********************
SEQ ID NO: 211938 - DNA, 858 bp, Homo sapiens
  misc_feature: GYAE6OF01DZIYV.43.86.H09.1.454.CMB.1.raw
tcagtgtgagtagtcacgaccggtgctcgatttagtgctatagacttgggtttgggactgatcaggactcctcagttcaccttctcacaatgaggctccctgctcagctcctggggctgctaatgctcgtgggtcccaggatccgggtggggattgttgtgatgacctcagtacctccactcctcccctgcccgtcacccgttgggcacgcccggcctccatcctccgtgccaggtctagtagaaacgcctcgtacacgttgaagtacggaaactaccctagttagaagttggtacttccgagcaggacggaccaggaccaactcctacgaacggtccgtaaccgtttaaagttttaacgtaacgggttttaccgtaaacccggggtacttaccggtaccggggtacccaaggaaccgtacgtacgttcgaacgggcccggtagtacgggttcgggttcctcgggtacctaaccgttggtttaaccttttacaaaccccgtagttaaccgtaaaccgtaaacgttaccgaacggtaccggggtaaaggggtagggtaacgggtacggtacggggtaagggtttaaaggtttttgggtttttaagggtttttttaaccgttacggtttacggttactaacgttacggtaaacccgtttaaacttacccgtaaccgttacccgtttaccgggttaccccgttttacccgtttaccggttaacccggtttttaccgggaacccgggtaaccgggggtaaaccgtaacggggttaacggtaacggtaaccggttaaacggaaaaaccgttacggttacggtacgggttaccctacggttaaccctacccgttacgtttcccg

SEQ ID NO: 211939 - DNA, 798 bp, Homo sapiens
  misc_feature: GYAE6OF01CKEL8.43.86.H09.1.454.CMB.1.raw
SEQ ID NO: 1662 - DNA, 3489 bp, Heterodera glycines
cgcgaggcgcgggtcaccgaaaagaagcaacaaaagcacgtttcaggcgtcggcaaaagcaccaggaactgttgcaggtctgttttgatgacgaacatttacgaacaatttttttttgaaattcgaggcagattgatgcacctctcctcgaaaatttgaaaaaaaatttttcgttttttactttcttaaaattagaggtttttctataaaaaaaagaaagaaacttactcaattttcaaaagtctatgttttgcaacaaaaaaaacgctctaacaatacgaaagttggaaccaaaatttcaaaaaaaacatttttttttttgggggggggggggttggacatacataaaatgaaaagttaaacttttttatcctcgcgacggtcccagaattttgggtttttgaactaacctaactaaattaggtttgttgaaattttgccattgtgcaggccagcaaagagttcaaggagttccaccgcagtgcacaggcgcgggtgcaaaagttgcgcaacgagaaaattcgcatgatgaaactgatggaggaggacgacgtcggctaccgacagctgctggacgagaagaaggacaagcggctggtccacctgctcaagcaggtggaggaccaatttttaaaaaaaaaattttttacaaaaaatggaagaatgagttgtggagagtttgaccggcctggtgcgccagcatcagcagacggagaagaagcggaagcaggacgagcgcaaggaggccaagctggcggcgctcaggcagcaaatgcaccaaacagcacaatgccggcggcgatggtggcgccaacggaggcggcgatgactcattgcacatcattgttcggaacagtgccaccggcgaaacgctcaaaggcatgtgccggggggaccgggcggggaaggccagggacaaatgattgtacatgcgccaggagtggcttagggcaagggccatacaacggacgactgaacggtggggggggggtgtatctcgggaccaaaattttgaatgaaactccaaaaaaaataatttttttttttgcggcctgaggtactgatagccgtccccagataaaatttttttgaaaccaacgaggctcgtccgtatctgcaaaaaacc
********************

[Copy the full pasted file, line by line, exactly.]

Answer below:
SEQ ID NO: 211938 - DNA, 858 bp, Homo sapiens
  misc_feature: GYAE6OF01DZIYV.43.86.H09.1.454.CMB.1.raw
tcagtgtgagtagtcacgaccggtgctcgatttagtgctatagacttgggtttgggactgatcaggactcctcagttcaccttctcacaatgaggctccctgctcagctcctggggctgctaatgctcgtgggtcccaggatccgggtggggattgttgtgatgacctcagtacctccactcctcccctgcccgtcacccgttgggcacgcccggcctccatcctccgtgccaggtctagtagaaacgcctcgtacacgttgaagtacggaaactaccctagttagaagttggtacttccgagcaggacggaccaggaccaactcctacgaacggtccgtaaccgtttaaagttttaacgtaacgggttttaccgtaaacccggggtacttaccggtaccggggtacccaaggaaccgtacgtacgttcgaacgggcccggtagtacgggttcgggttcctcgggtacctaaccgttggtttaaccttttacaaaccccgtagttaaccgtaaaccgtaaacgttaccgaacggtaccggggtaaaggggtagggtaacgggtacggtacggggtaagggtttaaaggtttttgggtttttaagggtttttttaaccgttacggtttacggttactaacgttacggtaaacccgtttaaacttacccgtaaccgttacccgtttaccgggttaccccgttttacccgtttaccggttaacccggtttttaccgggaacccgggtaaccgggggtaaaccgtaacggggttaacggtaacggtaaccggttaaacggaaaaaccgttacggttacggtacgggttaccctacggttaaccctacccgttacgtttcccg

SEQ ID NO: 211939 - DNA, 798 bp, Homo sapiens
  misc_feature: GYAE6OF01CKEL8.43.86.H09.1.454.CMB.1.raw
SEQ ID NO: 1662 - DNA, 3489 bp, Heterodera glycines
cgcgaggcgcgggtcaccgaaaagaagcaacaaaagcacgtttcaggcgtcggcaaaagcaccaggaactgttgcaggtctgttttgatgacgaacatttacgaacaatttttttttgaaattcgaggcagattgatgcacctctcctcgaaaatttgaaaaaaaatttttcgttttttactttcttaaaattagaggtttttctataaaaaaaagaaagaaacttactcaattttcaaaagtctatgttttgcaacaaaaaaaacgctctaacaatacgaaagttggaaccaaaatttcaaaaaaaacatttttttttttgggggggggggggttggacatacataaaatgaaaagttaaacttttttatcctcgcgacggtcccagaattttgggtttttgaactaacctaactaaattaggtttgttgaaattttgccattgtgcaggccagcaaagagttcaaggagttccaccgcagtgcacaggcgcgggtgcaaaagttgcgcaacgagaaaattcgcatgatgaaactgatggaggaggacgacgtcggctaccgacagctgctggacgagaagaaggacaagcggctggtccacctgctcaagcaggtggaggaccaatttttaaaaaaaaaattttttacaaaaaatggaagaatgagttgtggagagtttgaccggcctggtgcgccagcatcagcagacggagaagaagcggaagcaggacgagcgcaaggaggccaagctggcggcgctcaggcagcaaatgcaccaaacagcacaatgccggcggcgatggtggcgccaacggaggcggcgatgactcattgcacatcattgttcggaacagtgccaccggcgaaacgctcaaaggcatgtgccggggggaccgggcggggaaggccagggacaaatgattgtacatgcgccaggagtggcttagggcaagggccatacaacggacgactgaacggtggggggggggtgtatctcgggaccaaaattttgaatgaaactccaaaaaaaataatttttttttttgcggcctgaggtactgatagccgtccccagataaaatttttttgaaaccaacgaggctcgtccgtatctgcaaaaaacc